PMID: 44947Dec 1, 1979

Effect of bacterial infections and antibiotics on tsetse flies (Diptera, Glossinidae) (author's transl)

Zentralblatt Für Bakteriologie, Parasitenkunde, Infektionskrankheiten Und Hygiene. Erste Abteilung Originale. Reihe A: Medizinische Mikrobiologie Und Parasitologie
H Wetzel, G Thiemann

Abstract

The membrane feeding technique (in vitro feeding) used for the rearing of tsetse flies has advantages over the conventional method of feeding the flies on host animals. However, as long as blood remains the sole source of tsetse fly nutrition, the risk remains of blood being contaminated during collection, storage or feeding with bacteria pathogenic to the flies. The resulting high mortality of the tsetse flies endangers the success of this rearing. The experiments described here have shown that Glossina m. morsitans Westw. are more sensitive to Pseudomonas aeruginosa than G. p. palpalis Rob.-Desv. Rearing experiments over several years have confirmed this finding in that the latter species has never been threatened by high bacterial-induced mortality, whereas in 1973-74, due to contamination of the in vitro fed blood, a population of G. m. morsitans was difficult to colonize. The quantity of infected blood intake (14 to 70 mg) had no influence on the survival rate. However, when flies were infected once with Pseudomonas aeruginosa (dilution stage of 10(-3)), the organisms were eliminated after only nine days in living G. p. palpalis, but after 14 days in living G. m. morsitans. Females were infected at different stages of preg...Continue Reading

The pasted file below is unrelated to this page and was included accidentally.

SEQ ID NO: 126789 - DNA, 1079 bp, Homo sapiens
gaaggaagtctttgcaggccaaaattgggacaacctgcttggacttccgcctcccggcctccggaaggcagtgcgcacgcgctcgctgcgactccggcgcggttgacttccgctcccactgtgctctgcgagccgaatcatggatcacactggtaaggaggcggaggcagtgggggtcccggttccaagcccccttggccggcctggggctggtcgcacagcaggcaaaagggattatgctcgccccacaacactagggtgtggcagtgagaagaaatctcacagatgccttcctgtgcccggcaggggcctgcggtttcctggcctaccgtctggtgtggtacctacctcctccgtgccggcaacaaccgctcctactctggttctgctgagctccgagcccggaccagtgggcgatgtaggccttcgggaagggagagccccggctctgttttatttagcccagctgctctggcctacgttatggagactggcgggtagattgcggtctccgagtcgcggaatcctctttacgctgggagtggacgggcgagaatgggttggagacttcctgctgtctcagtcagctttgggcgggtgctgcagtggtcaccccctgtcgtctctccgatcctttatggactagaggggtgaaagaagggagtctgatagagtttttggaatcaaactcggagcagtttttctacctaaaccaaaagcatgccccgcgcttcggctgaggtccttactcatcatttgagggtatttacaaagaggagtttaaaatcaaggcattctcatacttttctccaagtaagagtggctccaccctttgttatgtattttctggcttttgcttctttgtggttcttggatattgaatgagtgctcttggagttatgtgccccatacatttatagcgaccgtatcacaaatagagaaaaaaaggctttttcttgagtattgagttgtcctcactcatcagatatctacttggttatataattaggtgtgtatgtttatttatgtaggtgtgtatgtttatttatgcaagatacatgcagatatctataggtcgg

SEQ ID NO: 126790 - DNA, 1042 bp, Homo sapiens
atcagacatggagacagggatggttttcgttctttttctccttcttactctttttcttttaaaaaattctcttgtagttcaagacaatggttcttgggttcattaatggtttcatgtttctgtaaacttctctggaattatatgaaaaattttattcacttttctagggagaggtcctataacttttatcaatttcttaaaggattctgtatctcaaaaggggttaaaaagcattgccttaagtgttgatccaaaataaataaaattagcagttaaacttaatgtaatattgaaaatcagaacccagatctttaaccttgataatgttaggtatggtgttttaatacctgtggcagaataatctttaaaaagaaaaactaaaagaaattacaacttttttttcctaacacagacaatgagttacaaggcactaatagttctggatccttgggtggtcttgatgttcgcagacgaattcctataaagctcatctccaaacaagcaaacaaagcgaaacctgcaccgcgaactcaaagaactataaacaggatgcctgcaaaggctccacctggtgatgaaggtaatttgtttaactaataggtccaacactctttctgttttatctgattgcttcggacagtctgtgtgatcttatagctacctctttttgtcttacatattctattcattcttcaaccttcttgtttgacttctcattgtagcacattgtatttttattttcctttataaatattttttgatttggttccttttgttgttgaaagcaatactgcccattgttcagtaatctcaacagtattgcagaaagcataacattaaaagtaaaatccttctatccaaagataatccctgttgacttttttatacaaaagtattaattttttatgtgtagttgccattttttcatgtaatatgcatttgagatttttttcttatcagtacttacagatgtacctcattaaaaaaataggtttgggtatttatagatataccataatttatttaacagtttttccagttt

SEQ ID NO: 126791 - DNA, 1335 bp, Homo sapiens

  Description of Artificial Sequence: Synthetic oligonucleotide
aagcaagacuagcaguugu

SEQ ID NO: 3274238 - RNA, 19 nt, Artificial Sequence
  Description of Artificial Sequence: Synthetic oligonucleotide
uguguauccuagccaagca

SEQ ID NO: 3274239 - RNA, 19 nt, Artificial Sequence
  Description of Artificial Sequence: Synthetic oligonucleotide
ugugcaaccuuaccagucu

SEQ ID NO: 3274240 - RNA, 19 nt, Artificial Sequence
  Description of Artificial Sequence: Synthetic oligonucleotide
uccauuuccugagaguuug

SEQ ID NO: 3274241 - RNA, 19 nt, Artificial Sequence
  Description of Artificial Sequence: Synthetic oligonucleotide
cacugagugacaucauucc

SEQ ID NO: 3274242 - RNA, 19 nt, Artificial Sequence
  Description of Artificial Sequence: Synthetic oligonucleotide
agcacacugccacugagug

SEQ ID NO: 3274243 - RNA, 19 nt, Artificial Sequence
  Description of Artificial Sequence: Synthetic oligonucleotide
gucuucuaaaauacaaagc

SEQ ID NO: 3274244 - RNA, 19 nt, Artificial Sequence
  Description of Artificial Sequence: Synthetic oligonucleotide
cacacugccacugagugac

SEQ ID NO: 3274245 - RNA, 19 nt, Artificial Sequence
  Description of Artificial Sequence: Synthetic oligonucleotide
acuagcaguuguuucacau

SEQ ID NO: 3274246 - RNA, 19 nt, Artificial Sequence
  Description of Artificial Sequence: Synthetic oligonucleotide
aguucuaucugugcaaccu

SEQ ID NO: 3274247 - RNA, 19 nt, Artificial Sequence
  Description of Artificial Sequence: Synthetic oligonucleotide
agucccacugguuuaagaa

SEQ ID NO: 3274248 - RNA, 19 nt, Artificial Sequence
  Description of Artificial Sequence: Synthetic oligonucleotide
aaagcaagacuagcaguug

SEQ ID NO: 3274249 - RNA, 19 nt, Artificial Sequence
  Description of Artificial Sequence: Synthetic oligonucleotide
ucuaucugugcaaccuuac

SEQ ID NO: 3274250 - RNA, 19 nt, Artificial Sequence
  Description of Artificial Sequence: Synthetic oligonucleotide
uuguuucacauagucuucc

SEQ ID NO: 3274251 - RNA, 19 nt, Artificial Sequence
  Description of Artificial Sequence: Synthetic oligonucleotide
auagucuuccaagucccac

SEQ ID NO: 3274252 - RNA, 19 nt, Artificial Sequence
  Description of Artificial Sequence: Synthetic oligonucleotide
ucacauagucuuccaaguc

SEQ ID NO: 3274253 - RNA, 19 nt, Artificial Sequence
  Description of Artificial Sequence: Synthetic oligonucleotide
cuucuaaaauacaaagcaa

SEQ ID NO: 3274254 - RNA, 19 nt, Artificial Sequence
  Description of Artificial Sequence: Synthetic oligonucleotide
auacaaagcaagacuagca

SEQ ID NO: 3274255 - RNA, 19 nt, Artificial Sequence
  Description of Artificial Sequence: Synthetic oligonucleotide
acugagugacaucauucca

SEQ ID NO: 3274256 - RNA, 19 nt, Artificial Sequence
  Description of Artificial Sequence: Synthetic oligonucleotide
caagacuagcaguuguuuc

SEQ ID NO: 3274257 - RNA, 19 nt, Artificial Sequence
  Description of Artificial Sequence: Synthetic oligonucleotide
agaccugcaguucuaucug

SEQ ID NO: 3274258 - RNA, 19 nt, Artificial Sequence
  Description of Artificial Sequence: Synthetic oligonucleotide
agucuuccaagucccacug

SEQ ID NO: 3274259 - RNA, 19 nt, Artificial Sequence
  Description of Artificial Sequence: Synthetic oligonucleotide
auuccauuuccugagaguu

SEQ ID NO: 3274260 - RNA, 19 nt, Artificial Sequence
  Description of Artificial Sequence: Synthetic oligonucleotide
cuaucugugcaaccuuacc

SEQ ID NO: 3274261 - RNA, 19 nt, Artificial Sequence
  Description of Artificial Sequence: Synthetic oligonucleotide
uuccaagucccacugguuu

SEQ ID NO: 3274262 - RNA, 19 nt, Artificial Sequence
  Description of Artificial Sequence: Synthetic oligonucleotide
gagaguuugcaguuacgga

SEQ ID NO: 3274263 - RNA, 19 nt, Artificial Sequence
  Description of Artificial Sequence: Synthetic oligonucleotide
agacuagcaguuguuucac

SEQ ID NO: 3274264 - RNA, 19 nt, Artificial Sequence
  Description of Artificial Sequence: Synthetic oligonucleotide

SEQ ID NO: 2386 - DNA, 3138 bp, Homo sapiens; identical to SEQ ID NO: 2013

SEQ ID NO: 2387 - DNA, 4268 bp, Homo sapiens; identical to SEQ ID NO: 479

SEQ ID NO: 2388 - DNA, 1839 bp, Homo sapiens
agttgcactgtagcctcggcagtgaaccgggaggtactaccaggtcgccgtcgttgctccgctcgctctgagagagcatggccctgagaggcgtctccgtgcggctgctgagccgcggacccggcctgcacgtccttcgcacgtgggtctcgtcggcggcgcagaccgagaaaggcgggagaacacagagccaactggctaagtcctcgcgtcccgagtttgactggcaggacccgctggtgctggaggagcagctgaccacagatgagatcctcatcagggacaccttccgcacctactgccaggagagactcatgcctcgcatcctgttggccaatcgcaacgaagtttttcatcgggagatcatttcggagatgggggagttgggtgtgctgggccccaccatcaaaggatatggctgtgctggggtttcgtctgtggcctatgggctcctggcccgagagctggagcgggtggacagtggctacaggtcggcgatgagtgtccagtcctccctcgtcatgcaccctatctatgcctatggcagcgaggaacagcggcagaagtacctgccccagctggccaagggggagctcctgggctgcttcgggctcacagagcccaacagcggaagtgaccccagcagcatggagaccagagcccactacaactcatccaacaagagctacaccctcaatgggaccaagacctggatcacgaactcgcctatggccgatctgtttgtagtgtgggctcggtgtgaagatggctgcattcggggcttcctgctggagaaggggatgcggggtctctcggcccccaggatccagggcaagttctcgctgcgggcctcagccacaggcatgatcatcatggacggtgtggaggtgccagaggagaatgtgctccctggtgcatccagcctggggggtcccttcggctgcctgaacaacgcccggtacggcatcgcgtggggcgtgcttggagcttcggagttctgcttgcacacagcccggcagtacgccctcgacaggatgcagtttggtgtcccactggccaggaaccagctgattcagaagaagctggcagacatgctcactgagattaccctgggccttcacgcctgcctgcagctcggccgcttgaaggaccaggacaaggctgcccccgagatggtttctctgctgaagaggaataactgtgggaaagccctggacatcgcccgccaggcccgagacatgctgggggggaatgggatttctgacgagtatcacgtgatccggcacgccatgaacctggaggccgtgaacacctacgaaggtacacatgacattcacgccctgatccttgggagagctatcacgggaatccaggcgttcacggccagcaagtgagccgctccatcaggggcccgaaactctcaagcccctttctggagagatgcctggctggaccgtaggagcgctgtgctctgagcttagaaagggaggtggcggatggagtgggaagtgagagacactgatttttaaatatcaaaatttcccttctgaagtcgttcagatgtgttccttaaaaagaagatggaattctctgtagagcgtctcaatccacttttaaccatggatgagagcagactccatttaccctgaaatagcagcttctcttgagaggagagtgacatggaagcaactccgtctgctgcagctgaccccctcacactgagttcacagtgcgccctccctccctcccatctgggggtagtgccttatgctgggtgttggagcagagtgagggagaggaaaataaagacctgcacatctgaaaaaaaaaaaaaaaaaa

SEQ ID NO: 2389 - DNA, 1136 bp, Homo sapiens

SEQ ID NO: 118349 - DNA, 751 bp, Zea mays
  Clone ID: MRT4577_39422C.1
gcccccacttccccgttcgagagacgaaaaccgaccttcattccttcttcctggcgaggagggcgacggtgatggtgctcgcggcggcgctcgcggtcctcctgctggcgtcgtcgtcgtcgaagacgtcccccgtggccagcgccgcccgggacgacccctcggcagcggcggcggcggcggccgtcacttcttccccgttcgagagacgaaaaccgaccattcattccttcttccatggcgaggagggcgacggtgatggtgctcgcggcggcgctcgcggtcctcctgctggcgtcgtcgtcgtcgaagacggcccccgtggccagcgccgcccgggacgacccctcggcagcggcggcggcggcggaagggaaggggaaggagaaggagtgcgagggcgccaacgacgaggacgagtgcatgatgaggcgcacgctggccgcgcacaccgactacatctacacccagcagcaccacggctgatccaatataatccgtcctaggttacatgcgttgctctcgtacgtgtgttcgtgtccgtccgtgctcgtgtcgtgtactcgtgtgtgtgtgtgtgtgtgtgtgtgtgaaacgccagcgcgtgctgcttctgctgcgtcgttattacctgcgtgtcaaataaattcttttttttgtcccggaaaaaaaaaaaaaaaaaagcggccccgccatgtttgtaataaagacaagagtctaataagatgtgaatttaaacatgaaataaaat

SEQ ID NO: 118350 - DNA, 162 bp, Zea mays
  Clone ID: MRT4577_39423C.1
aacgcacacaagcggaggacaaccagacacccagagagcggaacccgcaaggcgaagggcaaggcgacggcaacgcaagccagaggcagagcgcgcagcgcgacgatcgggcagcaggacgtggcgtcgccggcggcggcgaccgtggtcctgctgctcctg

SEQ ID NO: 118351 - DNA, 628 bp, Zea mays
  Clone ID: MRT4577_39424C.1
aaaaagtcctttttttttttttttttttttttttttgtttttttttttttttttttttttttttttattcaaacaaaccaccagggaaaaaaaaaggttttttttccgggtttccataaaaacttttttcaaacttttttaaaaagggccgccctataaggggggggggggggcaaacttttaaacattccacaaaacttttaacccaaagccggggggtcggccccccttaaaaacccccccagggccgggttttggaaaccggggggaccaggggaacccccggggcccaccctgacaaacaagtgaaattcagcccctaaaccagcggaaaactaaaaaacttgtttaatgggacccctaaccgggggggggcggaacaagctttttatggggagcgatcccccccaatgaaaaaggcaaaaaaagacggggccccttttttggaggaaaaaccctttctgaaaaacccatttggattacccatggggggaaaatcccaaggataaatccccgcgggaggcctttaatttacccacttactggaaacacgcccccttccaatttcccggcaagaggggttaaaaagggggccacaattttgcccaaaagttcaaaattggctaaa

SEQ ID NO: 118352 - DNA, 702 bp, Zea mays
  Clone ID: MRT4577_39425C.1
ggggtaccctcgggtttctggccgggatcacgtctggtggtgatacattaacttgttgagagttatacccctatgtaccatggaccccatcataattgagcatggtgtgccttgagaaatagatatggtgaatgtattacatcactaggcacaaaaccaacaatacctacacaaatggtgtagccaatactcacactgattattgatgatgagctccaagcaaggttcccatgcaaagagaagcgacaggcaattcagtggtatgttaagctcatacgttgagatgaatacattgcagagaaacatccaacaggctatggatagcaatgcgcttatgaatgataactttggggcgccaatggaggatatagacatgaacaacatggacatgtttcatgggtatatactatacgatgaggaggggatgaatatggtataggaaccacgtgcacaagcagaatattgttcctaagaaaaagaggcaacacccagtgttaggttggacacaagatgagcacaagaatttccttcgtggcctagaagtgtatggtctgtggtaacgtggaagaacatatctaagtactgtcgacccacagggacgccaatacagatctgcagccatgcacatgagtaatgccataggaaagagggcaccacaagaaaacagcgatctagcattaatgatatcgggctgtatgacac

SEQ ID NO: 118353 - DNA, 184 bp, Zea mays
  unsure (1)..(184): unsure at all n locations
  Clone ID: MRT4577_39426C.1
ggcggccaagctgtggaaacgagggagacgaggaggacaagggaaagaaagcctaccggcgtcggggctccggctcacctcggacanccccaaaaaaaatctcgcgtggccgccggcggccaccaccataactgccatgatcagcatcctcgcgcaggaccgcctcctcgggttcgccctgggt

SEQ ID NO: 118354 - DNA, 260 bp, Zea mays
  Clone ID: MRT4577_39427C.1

Related Concepts

Antibiotic Resistance, Microbial
Glossina
Abnormal Degeneration
Tissue Membrane
Pseudomonas aeruginosa (antigen)
Entire Uterus
Neomycin Palmitate
Antibiotic throat preparations
Pathogenic Organism
Neoplasm of Uncertain or Unknown Behavior of Uterus

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